Astronomers felt certain for decades that stars arise in vast, spinning clouds of gas and dust in interstellar space. More recently, although they’re less sure of the details, they’ve become confident that stars also create their own solar systems – systems of planets and moons, asteroids and comets – in the flattened dusty disks surrounding newly born stars. And of course astronomers are people who are inherently curious; they love a mystery. So it’s with excitement that astronomers this week announced a wholly new and unsuspected process happening in the disk surrounding a nearby young star. They’ve found ripples racing across the disk at speeds of up to about 25,000 miles (40,000 km) per hour! The results are published in the journal Nature on 8 October 8, 2015.
The star is called AU Microscopii, and it’s only 32.3 light-years away, which is very nearby on the scale of our Milky Way galaxy. The star is visible in Earth’s sky, from the Southern Hemisphere. Its large debris disk, known since 2003, faces Earth edge-on. Astronomers have been keen to study this disk, for the valuable clues it could provide about how new solar systems are born.
But no one had predicted anything like these ripples.
An international team of astronomers had been searching AU Mic’s disc for any signs of clumpy or warped features. Such signs sometimes give away the location of possible planets. In 2014, they began using the very powerful high-contrast imaging capabilities of the European Southern Observatory’s newly installed SPHERE instrument, mounted on its Very Large Telescope in Chile. French astronomer Anthony Boccaletti, lead author on the paper, said:
The images from SPHERE show(ed) a set of unexplained features in the disk which have an arch-like, or wave-like, structure, unlike anything that has ever been observed before.
Five wave-like arches at different distances from the star showed up in the new images, which the astronomers said were:
…reminiscent of ripples in water.
After spotting the features in the SPHERE data the team then turned to earlier images of the disk taken by the Hubble Space Telescope in 2010 and 2011. They wanted to see whether the features were also visible there.
And so they were. That’s when the astronomers learned that the wave-like features observed in AU Mic’s disk had changed over time. The ripples are moving — and very fast!
Strangely, the wave-like features farther away from the central star seem to be moving faster than those closer to it. At least three of the features are moving so fast that they could well be escaping from the gravitational attraction of the star.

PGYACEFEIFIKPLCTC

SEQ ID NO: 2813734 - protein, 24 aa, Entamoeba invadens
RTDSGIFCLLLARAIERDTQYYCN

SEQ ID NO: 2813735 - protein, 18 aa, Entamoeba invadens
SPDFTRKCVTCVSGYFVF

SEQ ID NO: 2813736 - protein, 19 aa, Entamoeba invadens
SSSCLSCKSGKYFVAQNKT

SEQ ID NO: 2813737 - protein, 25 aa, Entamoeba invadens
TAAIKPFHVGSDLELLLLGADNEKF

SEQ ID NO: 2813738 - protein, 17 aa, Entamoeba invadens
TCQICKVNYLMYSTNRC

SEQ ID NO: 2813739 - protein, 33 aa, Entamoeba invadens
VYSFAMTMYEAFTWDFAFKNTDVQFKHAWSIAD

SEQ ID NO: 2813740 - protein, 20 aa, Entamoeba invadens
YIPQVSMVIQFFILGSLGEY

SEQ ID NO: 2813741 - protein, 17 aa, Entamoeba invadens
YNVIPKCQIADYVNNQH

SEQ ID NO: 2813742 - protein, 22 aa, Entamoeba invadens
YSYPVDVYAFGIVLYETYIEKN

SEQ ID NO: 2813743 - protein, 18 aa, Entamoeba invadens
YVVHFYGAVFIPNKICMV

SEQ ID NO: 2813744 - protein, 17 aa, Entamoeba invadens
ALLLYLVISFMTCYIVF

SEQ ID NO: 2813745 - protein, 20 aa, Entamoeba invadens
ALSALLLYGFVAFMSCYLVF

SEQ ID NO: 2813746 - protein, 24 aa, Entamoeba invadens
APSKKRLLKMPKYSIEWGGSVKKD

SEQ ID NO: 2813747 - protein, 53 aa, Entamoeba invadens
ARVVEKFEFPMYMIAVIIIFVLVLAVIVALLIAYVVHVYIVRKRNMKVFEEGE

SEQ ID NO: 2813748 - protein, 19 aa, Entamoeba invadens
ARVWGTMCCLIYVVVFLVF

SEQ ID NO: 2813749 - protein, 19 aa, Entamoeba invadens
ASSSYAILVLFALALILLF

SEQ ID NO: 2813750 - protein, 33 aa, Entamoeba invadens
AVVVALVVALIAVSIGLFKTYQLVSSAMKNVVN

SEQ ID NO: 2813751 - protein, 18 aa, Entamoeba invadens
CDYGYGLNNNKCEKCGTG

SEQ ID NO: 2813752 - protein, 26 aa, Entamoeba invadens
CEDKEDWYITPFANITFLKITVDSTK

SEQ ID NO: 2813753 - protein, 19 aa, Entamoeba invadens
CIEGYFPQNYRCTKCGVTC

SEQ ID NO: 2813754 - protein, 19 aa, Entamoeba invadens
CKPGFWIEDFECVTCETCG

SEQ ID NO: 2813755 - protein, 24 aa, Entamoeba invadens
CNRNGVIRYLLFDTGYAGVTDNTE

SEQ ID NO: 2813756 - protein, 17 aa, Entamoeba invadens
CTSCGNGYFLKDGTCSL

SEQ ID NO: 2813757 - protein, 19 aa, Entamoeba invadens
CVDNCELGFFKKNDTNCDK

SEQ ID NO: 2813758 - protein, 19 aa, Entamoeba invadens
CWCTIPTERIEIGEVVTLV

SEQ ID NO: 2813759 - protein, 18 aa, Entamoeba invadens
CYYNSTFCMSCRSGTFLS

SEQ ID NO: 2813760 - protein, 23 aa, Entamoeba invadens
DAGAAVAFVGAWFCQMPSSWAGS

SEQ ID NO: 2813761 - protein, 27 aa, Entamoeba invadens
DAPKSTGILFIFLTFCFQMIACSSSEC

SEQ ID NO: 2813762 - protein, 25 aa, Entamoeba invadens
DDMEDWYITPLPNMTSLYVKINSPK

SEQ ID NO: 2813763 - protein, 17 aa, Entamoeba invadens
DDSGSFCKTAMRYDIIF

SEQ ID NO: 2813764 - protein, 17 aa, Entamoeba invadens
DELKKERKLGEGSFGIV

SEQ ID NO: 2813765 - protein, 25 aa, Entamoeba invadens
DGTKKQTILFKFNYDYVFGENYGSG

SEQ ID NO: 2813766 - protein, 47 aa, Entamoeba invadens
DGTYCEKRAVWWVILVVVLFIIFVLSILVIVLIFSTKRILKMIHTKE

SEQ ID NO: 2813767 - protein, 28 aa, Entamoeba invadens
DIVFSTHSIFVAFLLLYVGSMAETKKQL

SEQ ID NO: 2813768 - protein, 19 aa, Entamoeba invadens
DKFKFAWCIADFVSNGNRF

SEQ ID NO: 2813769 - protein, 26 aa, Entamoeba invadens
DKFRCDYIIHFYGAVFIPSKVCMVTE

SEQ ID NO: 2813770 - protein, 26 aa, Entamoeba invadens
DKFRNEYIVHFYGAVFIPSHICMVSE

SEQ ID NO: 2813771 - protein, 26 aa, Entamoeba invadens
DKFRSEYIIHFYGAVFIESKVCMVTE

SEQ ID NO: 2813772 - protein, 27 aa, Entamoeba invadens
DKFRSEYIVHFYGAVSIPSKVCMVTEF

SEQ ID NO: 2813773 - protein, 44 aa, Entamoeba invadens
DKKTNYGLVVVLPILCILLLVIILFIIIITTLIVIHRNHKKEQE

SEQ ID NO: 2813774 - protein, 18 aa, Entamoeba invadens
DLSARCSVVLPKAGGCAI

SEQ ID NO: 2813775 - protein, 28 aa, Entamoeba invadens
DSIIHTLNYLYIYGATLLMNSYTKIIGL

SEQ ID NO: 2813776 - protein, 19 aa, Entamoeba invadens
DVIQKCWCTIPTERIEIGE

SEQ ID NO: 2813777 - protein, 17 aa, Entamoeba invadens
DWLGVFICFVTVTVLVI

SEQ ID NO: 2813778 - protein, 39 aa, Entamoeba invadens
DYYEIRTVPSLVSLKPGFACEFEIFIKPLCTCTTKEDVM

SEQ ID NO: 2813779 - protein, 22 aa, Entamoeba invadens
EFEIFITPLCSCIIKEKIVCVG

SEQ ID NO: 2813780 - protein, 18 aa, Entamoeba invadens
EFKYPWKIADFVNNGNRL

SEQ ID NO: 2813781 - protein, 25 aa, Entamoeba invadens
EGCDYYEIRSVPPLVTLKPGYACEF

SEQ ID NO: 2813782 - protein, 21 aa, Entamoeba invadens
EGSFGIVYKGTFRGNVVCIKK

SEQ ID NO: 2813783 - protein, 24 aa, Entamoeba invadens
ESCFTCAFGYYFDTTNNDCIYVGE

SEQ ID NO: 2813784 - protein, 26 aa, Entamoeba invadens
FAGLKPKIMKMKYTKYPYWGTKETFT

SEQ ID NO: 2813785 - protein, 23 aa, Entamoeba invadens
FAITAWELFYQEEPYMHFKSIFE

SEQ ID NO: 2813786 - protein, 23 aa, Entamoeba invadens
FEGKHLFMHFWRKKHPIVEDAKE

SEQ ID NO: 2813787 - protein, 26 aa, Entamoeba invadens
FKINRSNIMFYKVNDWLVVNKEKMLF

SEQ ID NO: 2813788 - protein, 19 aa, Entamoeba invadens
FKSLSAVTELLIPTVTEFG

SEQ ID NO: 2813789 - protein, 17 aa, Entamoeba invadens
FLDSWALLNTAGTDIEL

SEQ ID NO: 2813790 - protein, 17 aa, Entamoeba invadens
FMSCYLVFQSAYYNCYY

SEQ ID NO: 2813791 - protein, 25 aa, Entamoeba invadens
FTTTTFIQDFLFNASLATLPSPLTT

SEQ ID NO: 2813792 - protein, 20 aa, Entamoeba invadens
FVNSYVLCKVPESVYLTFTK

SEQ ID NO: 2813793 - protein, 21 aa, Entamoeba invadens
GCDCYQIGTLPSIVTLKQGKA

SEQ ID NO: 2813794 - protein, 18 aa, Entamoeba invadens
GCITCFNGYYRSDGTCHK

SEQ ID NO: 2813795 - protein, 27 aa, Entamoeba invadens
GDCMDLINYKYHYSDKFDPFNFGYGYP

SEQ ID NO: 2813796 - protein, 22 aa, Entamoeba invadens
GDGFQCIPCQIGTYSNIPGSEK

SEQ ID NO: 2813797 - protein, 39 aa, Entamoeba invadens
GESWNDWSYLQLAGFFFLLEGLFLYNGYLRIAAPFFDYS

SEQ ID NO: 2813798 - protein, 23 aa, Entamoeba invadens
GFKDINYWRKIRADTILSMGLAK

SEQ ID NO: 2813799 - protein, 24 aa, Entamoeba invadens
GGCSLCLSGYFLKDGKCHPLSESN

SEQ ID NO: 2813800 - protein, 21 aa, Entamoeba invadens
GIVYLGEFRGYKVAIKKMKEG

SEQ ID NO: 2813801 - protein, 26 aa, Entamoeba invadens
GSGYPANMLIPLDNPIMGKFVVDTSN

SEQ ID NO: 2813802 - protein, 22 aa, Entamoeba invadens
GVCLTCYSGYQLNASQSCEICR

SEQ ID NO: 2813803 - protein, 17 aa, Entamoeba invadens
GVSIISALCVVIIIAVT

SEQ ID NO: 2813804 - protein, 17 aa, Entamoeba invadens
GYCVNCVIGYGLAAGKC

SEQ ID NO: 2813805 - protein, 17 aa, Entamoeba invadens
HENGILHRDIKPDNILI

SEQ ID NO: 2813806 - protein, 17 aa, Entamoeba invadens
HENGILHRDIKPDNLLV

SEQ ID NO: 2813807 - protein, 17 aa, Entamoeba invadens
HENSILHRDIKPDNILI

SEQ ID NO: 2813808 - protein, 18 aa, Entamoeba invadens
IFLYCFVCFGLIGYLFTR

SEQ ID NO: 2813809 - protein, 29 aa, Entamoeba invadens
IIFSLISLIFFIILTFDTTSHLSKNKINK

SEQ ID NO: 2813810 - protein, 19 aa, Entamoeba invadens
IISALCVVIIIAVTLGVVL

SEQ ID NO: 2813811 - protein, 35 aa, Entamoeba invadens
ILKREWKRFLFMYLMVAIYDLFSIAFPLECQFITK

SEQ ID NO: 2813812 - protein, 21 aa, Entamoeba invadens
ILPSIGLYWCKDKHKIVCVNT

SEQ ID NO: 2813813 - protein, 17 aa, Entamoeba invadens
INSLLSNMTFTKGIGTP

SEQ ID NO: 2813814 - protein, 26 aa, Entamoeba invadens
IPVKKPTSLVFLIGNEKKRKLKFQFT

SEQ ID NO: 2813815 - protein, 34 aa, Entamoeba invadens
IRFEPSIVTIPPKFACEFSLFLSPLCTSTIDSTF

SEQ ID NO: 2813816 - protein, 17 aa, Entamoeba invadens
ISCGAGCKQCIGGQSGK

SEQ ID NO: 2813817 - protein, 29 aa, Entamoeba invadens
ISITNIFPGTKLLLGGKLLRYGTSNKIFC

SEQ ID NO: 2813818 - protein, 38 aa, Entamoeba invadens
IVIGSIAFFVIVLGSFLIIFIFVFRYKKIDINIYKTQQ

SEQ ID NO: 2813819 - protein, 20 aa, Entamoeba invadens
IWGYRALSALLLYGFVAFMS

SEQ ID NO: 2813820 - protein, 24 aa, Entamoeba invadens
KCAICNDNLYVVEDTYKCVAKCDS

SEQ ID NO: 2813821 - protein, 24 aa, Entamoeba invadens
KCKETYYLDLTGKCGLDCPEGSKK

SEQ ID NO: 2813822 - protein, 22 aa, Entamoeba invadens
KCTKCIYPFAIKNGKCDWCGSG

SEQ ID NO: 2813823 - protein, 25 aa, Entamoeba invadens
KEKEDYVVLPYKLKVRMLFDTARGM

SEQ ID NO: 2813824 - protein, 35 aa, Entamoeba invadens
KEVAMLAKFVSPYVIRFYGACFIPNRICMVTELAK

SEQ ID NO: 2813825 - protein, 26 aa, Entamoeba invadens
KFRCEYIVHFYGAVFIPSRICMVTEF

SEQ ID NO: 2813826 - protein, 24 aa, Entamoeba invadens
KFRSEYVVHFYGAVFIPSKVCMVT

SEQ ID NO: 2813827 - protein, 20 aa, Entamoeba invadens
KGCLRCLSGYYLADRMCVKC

The astronomers say these high speeds rule out the possibility that the observed ripples are conventional disk features caused by objects — like planets — disturbing material in the disk while orbiting the star.
They say there must have been something else involved to speed up the ripples and make them move so quickly, meaning that they are a sign of something truly unusual. Co-author Glenn Schneider of Steward Observatory in Arizona said:
One explanation for the strange structure links them to the star’s flares. AU Mic is a star with high flaring activity — it often lets off huge and sudden bursts of energy from on or near its surface.
One of these flares could perhaps have triggered something on one of the planets — if there are planets — like a violent stripping of material which could now be propagating through the disk, propelled by the flare’s force.
But that’s just one possibility. As yet, the team cannot say for sure what is causing these mysterious ripples around the star.
Bottom line: Astronomers have found mysterious ripples in the dusty, planet-forming disk surrounding the nearby star AU Microscopium. Nothing like this was ever observed or predicted.
Deborah Byrd created the EarthSky radio series in 1991 and founded EarthSky.org in 1994. Today, she serves as Editor-in-Chief of this website. She has won a galaxy of awards from the broadcasting and science communities, including having an asteroid named 3505 Byrd in her honor. A science communicator and educator since 1976, Byrd believes in science as a force for good in the world and a vital tool for the 21st century. "Being an EarthSky editor is like hosting a big global party for cool nature-lovers," she says.